Crystal, Midler punch up 'Parental Guidance'
PG for some rude humor; **1⁄2
There's something to be said for a movie not being as bad as it sounds.
In fact, that's most of what there is to say about “Parental Guidance,” a comedy in which Billy Crystal and Bette Midler play old-school grandparents who have to keep their new-age-ish grandkids for a few days. But it is sweet and means well, and Crystal is much more engaging here than he is wearing a tux and mugging as the host of the Academy Awards. So that's something.
Artie (Crystal) and his wife, Diane (Midler), are asked by their daughter, Alice (Marisa Tomei), to look after the kids while she and her husband, Phil (Tom Everett Scott), go out of town. A set-up scene lets us know that this is the last thing Alice and Phil want to do.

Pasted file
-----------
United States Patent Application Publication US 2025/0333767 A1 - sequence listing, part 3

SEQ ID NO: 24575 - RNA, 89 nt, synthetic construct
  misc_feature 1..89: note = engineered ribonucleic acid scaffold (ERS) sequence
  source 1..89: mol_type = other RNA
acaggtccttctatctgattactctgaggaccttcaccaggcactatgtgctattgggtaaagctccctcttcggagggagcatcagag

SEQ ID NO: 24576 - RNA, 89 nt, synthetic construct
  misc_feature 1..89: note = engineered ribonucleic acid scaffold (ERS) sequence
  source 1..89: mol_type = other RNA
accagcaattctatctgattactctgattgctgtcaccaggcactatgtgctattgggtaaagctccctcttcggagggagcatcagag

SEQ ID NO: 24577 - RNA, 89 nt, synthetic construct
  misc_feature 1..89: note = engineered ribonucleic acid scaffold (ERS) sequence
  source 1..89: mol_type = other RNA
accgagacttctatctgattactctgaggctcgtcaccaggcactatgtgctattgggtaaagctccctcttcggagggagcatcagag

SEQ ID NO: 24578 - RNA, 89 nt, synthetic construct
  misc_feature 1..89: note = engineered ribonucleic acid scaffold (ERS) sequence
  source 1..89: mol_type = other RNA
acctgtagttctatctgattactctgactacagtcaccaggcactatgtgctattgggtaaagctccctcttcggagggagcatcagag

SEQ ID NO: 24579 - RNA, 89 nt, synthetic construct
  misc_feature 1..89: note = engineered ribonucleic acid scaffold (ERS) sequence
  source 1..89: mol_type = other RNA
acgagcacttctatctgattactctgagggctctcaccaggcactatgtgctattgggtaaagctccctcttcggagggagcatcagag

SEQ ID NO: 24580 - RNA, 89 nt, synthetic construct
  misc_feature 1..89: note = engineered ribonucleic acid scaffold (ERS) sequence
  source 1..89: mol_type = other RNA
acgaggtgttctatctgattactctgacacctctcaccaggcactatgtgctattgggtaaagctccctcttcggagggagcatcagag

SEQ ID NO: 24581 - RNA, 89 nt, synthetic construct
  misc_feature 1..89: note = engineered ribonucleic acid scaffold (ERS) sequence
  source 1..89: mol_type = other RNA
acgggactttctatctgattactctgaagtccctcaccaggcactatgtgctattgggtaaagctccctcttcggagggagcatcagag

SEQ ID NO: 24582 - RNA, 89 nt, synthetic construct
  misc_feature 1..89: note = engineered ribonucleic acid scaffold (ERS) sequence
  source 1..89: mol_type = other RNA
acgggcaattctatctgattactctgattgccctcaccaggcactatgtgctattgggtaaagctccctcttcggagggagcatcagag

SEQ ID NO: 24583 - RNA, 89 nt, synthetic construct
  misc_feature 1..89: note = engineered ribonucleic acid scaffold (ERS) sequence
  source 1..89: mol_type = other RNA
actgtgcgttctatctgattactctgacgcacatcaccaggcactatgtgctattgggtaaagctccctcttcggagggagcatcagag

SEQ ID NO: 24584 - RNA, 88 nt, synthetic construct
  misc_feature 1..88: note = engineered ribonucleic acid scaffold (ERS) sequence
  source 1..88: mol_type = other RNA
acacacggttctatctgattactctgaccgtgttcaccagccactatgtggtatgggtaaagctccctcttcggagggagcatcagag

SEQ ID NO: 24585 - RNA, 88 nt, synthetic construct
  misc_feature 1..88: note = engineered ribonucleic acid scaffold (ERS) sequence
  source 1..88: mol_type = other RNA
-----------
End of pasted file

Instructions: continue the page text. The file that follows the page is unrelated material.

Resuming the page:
Alice didn't approve of the way Artie and Diane raised her. She's particularly distant from Artie, who wasn't around a lot while traveling for work. She and Phil are more touchy-feely types, taking things like kid empowerment to absurd levels.
And there, pretty much, is your movie. Will the grandchildren, reluctant at first, eventually respond to Artie and Diane? Will Artie and Diane learn lessons, too?
You know the answer.
You know all the answers, really, if you've ever seen any movie remotely like this.
The thing that makes it modestly better than it might have been is Crystal. This is the first time in ages the old stand-up Crystal shows through, flashes of quick wit instead of Borscht-belt antics. Not to the extent that it used to in such movies as “When Harry Met Sally ...” (which was, ahem, 23 years ago). But better than you'd expect.
Just like the movie.
• Wide release
— Gannett News Service
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